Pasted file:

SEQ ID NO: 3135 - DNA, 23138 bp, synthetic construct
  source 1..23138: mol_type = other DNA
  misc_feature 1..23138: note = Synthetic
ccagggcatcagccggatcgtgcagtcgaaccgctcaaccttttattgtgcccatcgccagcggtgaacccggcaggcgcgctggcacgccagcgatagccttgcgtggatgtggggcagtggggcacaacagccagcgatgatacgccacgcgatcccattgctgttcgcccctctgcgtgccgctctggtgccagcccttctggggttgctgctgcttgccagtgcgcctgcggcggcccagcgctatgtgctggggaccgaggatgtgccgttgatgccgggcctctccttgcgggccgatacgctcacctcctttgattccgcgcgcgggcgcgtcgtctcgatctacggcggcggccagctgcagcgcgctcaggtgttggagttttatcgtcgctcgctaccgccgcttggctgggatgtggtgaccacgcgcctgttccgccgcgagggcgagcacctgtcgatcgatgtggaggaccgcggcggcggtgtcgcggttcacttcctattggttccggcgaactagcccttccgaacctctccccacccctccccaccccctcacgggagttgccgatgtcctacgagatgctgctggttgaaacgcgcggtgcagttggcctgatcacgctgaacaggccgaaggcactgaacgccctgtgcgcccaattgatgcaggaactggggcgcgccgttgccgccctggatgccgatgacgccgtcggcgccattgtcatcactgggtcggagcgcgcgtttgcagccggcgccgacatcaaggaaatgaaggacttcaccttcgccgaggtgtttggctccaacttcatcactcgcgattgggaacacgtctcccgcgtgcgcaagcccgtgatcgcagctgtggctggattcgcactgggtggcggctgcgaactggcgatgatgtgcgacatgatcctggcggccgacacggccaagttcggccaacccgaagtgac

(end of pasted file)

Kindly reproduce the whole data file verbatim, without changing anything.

SEQ ID NO: 3135 - DNA, 23138 bp, synthetic construct
  source 1..23138: mol_type = other DNA
  misc_feature 1..23138: note = Synthetic
ccagggcatcagccggatcgtgcagtcgaaccgctcaaccttttattgtgcccatcgccagcggtgaacccggcaggcgcgctggcacgccagcgatagccttgcgtggatgtggggcagtggggcacaacagccagcgatgatacgccacgcgatcccattgctgttcgcccctctgcgtgccgctctggtgccagcccttctggggttgctgctgcttgccagtgcgcctgcggcggcccagcgctatgtgctggggaccgaggatgtgccgttgatgccgggcctctccttgcgggccgatacgctcacctcctttgattccgcgcgcgggcgcgtcgtctcgatctacggcggcggccagctgcagcgcgctcaggtgttggagttttatcgtcgctcgctaccgccgcttggctgggatgtggtgaccacgcgcctgttccgccgcgagggcgagcacctgtcgatcgatgtggaggaccgcggcggcggtgtcgcggttcacttcctattggttccggcgaactagcccttccgaacctctccccacccctccccaccccctcacgggagttgccgatgtcctacgagatgctgctggttgaaacgcgcggtgcagttggcctgatcacgctgaacaggccgaaggcactgaacgccctgtgcgcccaattgatgcaggaactggggcgcgccgttgccgccctggatgccgatgacgccgtcggcgccattgtcatcactgggtcggagcgcgcgtttgcagccggcgccgacatcaaggaaatgaaggacttcaccttcgccgaggtgtttggctccaacttcatcactcgcgattgggaacacgtctcccgcgtgcgcaagcccgtgatcgcagctgtggctggattcgcactgggtggcggctgcgaactggcgatgatgtgcgacatgatcctggcggccgacacggccaagttcggccaacccgaagtgac